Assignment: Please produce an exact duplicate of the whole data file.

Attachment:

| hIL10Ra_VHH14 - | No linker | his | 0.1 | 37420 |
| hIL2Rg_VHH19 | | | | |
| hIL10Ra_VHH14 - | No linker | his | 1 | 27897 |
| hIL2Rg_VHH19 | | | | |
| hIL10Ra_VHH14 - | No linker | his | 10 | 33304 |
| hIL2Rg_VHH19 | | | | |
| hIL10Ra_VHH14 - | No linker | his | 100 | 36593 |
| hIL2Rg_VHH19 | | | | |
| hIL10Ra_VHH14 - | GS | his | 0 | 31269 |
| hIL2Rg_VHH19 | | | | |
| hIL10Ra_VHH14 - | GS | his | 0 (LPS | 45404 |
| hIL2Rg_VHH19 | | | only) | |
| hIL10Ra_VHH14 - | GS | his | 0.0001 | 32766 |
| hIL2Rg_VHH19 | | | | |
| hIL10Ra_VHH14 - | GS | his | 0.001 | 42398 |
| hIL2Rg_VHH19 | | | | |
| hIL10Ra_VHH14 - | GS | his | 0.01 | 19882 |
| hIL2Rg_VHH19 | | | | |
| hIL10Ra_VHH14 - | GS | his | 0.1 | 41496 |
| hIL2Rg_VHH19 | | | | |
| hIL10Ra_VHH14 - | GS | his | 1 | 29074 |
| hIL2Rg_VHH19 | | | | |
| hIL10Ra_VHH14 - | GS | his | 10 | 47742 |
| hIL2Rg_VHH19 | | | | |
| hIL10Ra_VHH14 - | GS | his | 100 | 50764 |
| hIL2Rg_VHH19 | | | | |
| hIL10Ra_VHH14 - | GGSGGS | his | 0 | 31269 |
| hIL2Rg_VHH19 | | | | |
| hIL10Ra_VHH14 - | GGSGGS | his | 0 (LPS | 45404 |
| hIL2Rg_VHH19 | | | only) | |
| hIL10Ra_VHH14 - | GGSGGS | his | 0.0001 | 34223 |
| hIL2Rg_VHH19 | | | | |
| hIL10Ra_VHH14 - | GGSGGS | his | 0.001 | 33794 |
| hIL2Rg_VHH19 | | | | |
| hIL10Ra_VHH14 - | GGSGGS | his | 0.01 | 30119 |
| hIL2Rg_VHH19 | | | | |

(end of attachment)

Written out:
| hIL10Ra_VHH14 - | No linker | his | 0.1 | 37420 |
| hIL2Rg_VHH19 | | | | |
| hIL10Ra_VHH14 - | No linker | his | 1 | 27897 |
| hIL2Rg_VHH19 | | | | |
| hIL10Ra_VHH14 - | No linker | his | 10 | 33304 |
| hIL2Rg_VHH19 | | | | |
| hIL10Ra_VHH14 - | No linker | his | 100 | 36593 |
| hIL2Rg_VHH19 | | | | |
| hIL10Ra_VHH14 - | GS | his | 0 | 31269 |
| hIL2Rg_VHH19 | | | | |
| hIL10Ra_VHH14 - | GS | his | 0 (LPS | 45404 |
| hIL2Rg_VHH19 | | | only) | |
| hIL10Ra_VHH14 - | GS | his | 0.0001 | 32766 |
| hIL2Rg_VHH19 | | | | |
| hIL10Ra_VHH14 - | GS | his | 0.001 | 42398 |
| hIL2Rg_VHH19 | | | | |
| hIL10Ra_VHH14 - | GS | his | 0.01 | 19882 |
| hIL2Rg_VHH19 | | | | |
| hIL10Ra_VHH14 - | GS | his | 0.1 | 41496 |
| hIL2Rg_VHH19 | | | | |
| hIL10Ra_VHH14 - | GS | his | 1 | 29074 |
| hIL2Rg_VHH19 | | | | |
| hIL10Ra_VHH14 - | GS | his | 10 | 47742 |
| hIL2Rg_VHH19 | | | | |
| hIL10Ra_VHH14 - | GS | his | 100 | 50764 |
| hIL2Rg_VHH19 | | | | |
| hIL10Ra_VHH14 - | GGSGGS | his | 0 | 31269 |
| hIL2Rg_VHH19 | | | | |
| hIL10Ra_VHH14 - | GGSGGS | his | 0 (LPS | 45404 |
| hIL2Rg_VHH19 | | | only) | |
| hIL10Ra_VHH14 - | GGSGGS | his | 0.0001 | 34223 |
| hIL2Rg_VHH19 | | | | |
| hIL10Ra_VHH14 - | GGSGGS | his | 0.001 | 33794 |
| hIL2Rg_VHH19 | | | | |
| hIL10Ra_VHH14 - | GGSGGS | his | 0.01 | 30119 |
| hIL2Rg_VHH19 | | | | |